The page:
Spain: Protests erupt demanding republic vote, European Left offers solidarity

Tuesday, June 3, 2014
Protesters demand a referendum on a republic, Madrid, June 2.

“Riot police were on standby as tens of thousands took to the streets in Madrid, Barcelona and other cities across Spain on Monday to demand a vote on whether to rid Spain of its royal family,” Al Jazeera reported on June 3.

Al Jazeera said: “The protests came after Spain's King Juan Carlos, who led the country's transition from dictatorship to democracy but faced scandals during the nation's near financial meltdown, announced on Monday he would abdicate in favour of his son Felipe ...” said: “The biggest rally, held in Madrid's Puerta del Sol square, united anti-monarchist activists under the 'Monarchy No Thanks' campaign.

“Thousands of people carrying Republican flags flooded the capital hours after the 76-year-old monarch announced his resignation ... Spain's 15-M social movement launched the proposal for a protest against the monarchy and the declaration of a republic.”

Puerta del Sol square in Madrid.<

The protesters demanded a referendum on whether or not to keep the monarchy or become a republic. said protesters, who said there were more than 20,000 police deployed on the streets of Madrid to deal with the demonstration, chanted: "Spain, tomorrow, will be Republican.”

The call for protests spread across social networks within minutes of the king's announcement,. Demonstrations hit more than 50 cities.

The United Left, whose electoral grouping Plural Left nearly tripled its vote to 10% in the recent European elections, is strongly backing calling for a referendum. United Left federal coordinator Cayo Lara called for a vote so “the people can decide if they want a monarchy or a republic,”which he said was a choice between “monarchy or democracy”.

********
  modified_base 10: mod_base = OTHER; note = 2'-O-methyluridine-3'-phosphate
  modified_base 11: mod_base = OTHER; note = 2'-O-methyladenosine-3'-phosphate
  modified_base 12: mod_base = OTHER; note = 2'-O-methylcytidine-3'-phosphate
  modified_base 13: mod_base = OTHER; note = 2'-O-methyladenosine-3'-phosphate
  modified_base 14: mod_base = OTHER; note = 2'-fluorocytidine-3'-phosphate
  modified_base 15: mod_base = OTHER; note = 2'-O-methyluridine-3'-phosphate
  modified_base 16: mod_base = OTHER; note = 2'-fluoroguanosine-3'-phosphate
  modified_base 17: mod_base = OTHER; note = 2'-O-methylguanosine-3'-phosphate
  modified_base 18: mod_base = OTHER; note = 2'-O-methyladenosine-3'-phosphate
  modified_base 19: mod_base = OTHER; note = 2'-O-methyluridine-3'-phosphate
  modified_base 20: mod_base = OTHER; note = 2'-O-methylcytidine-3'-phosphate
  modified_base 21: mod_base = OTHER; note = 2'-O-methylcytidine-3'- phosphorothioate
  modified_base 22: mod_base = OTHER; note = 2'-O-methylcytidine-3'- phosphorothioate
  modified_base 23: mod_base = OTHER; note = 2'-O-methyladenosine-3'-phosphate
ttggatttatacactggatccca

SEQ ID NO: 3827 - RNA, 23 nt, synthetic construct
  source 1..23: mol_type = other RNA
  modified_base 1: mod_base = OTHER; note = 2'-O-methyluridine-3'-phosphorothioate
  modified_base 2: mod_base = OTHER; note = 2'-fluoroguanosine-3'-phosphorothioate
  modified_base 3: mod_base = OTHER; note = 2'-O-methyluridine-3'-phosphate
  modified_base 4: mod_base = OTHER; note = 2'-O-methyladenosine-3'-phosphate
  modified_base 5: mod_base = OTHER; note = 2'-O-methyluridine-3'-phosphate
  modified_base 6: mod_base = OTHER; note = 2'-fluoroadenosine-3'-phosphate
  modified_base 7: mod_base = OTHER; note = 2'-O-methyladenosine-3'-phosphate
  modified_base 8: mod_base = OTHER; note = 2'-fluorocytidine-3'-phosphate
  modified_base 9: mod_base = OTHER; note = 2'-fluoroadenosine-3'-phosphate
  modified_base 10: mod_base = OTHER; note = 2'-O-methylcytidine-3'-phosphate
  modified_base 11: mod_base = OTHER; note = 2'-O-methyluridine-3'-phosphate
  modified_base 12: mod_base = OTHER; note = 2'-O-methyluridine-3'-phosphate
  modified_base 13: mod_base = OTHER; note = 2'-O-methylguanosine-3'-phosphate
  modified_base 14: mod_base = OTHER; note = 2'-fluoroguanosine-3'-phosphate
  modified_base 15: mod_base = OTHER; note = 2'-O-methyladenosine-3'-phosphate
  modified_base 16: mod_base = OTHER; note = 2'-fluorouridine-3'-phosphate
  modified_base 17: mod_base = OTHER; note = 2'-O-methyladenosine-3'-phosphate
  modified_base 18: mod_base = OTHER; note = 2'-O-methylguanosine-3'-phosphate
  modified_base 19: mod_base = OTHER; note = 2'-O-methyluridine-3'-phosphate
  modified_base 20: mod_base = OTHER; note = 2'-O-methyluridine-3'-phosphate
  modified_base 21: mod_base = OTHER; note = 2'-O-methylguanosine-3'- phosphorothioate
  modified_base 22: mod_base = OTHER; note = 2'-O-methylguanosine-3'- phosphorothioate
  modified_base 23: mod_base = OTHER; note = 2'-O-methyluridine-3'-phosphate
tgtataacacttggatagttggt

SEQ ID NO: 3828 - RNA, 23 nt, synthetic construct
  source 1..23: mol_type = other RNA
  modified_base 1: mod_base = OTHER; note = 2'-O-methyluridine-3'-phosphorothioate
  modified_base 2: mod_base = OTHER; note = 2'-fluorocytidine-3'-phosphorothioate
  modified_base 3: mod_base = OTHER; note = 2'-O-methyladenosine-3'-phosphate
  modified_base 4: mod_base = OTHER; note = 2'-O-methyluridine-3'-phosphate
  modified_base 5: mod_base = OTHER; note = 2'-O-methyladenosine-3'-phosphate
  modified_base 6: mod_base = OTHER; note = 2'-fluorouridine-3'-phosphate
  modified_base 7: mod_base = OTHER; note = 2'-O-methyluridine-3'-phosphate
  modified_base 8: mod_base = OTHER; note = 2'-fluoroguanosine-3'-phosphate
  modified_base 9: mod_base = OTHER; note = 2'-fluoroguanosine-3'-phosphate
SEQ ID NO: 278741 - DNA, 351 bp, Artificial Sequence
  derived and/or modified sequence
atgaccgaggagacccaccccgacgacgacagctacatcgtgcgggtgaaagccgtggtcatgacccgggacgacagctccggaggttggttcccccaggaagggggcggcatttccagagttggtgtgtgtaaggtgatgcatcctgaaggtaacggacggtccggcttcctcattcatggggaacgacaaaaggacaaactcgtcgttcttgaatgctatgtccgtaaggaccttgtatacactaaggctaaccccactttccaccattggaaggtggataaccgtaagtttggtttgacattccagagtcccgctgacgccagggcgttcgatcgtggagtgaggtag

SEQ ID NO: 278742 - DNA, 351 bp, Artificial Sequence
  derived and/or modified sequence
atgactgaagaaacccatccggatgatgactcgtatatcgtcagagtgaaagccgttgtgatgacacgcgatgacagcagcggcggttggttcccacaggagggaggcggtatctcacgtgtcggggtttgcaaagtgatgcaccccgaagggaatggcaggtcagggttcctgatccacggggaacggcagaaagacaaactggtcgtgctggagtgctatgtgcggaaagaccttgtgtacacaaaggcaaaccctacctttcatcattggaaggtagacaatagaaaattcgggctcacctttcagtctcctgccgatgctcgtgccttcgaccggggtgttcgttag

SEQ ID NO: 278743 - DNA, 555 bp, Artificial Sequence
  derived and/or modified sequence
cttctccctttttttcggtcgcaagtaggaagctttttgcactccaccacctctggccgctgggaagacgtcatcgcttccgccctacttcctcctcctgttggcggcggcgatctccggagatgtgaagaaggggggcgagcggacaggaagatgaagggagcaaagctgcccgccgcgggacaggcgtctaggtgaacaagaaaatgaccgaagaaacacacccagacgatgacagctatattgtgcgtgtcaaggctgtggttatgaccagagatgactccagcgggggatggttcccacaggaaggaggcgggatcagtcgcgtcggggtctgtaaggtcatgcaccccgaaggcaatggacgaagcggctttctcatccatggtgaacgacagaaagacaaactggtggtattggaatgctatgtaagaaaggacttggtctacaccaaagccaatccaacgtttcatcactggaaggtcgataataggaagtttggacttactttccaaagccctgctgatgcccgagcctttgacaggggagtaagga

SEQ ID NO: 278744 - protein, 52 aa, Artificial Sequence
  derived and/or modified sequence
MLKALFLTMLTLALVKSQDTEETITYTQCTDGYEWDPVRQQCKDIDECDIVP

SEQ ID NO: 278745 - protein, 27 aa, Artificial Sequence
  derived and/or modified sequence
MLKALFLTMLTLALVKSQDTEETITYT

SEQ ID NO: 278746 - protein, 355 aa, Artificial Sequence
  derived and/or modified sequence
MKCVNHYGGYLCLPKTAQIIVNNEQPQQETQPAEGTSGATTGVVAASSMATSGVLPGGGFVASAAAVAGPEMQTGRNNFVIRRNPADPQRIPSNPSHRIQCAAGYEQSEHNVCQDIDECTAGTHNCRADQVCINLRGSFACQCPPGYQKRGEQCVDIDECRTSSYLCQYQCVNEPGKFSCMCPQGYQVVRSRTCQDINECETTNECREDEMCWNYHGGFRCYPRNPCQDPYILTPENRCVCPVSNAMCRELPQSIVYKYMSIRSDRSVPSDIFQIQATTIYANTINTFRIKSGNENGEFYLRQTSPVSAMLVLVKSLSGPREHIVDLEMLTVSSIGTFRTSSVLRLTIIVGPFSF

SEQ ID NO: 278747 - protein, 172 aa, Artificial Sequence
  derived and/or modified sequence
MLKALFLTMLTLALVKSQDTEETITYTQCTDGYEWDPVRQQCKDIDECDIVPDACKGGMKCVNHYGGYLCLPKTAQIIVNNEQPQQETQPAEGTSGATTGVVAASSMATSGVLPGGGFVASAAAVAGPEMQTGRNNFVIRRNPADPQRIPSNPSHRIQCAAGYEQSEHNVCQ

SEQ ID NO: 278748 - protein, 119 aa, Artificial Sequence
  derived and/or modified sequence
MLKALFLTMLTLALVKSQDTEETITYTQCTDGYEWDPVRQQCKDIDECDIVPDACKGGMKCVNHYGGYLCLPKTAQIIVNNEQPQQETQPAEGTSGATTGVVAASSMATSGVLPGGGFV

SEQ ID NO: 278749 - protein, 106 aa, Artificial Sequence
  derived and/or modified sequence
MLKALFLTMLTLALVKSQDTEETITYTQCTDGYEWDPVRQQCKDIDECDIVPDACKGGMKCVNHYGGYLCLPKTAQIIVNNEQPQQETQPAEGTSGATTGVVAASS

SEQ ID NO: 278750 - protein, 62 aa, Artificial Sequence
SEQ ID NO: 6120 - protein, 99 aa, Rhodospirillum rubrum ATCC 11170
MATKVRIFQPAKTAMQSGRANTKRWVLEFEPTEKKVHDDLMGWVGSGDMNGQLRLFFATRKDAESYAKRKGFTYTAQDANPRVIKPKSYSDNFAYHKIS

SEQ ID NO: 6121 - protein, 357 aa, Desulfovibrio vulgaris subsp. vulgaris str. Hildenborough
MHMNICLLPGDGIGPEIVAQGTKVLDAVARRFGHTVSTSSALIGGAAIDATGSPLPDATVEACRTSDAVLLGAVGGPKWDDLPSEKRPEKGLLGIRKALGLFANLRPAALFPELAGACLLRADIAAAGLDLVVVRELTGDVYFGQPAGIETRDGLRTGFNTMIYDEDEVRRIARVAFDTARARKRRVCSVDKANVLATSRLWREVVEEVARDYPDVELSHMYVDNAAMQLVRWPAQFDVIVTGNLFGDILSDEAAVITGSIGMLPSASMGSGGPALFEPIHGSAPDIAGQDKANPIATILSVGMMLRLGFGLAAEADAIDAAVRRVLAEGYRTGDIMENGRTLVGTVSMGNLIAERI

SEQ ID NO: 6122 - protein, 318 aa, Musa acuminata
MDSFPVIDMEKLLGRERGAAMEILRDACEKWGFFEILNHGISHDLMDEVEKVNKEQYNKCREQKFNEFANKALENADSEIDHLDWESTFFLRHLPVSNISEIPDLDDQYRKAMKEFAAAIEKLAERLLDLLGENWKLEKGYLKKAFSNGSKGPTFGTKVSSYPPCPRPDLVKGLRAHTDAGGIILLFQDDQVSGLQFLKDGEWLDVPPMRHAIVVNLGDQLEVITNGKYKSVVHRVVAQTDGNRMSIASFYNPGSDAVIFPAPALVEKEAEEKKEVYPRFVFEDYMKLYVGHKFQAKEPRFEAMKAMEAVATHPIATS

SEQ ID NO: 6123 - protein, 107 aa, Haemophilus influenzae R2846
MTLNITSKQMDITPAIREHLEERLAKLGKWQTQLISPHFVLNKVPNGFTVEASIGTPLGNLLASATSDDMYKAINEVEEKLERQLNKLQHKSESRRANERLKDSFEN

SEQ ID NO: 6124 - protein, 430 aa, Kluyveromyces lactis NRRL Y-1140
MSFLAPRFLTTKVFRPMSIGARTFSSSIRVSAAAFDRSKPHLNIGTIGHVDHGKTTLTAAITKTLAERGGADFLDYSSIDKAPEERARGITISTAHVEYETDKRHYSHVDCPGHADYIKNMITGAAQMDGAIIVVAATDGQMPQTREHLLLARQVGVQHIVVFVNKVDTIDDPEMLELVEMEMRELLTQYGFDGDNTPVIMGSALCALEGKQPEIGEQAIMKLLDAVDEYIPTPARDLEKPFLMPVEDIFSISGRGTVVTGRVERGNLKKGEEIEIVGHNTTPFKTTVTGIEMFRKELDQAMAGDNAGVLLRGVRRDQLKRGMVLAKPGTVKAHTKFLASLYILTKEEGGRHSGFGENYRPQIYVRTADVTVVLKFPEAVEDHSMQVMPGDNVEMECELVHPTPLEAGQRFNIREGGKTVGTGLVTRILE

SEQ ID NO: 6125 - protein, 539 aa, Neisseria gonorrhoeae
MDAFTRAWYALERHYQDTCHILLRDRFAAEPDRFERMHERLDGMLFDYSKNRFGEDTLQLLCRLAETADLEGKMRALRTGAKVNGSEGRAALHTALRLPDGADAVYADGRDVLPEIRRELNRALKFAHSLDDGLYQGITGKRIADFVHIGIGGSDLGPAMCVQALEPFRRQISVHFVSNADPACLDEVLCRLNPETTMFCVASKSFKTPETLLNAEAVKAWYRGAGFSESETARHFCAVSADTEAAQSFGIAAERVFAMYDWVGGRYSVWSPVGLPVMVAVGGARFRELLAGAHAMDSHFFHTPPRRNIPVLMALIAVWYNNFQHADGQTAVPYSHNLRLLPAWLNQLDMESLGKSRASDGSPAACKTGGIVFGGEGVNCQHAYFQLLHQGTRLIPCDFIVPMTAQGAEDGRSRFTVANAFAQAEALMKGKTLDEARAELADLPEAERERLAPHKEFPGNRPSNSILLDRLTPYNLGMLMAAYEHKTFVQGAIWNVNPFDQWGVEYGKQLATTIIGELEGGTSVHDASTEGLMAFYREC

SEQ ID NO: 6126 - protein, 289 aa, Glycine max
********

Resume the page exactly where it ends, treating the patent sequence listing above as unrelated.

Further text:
He said it was “inconceivable that in the 21st century we are still talking about the rights of blood”.

This sentiment was backed by Podmos, a new left party seen by many as the group closest to the aims and aspirations of the 15-M movement. Podemos surprised observors with a strong showing the European polls, winning 8% in its first outing.

Calling for a referendum, Podemos leader Pablo Iglesias said: “This abdication will accelerate the decomposition of the political regime of 1978.”

Iglesias told El Pais: “If the government believes that [Prince] Felipe has the confidence of the people, it should be put to the test at the polls.”

The president of the Basque Country's regional parliament, Inigo Urkullu, said king's abdication “opens the door to the possibility of resolving the Basque question”, in reference to the region’s long-standing quest for independence from Spain.

Facebook group Basque Info said on June 3: “Thousands of people took to the streets in the southern Basque Country last evening in favor of an independent Basque republic and many others for a Spanish republic after the Spanish king’s abdication. Some people joined both protests.”

Protest in Barcelona, the capital of Catalonia where, like the Basque Country, there is a strong movement for self-determination. The demonstration featured slogans in support of a Spanish republic as well as independence.

Support for the protests has come from the Party of the European Left, which groups man left parties from across the continent. The United Left is part of the PEL, as is Greece's Coalition of the Radical Left (SYRIZA), which topped that nation's vote in the European poll.

In a statement entitled “King abdicated but the regime needs to change”, PEL said: “Given the crisis in the country and the results of the political parties that support the monarchy at the last European elections, it is not crowned heads but the type of regime that must change.

“The Party of the European Left support the efforts of the Communist Party of Spain, of the United Left and EUIA [United an Alternative Left, a Catalonian-based United Left affiliate] who legitimately claim a referendum to allow the Spanish people to choose their future.

“Almost forty years after the death of Franco, the Spanish should be allowed to choose between the current system, oligarchic and dominated by bipartism, or a constituent process for the advent of a new Republic.”

From GLW issue 1012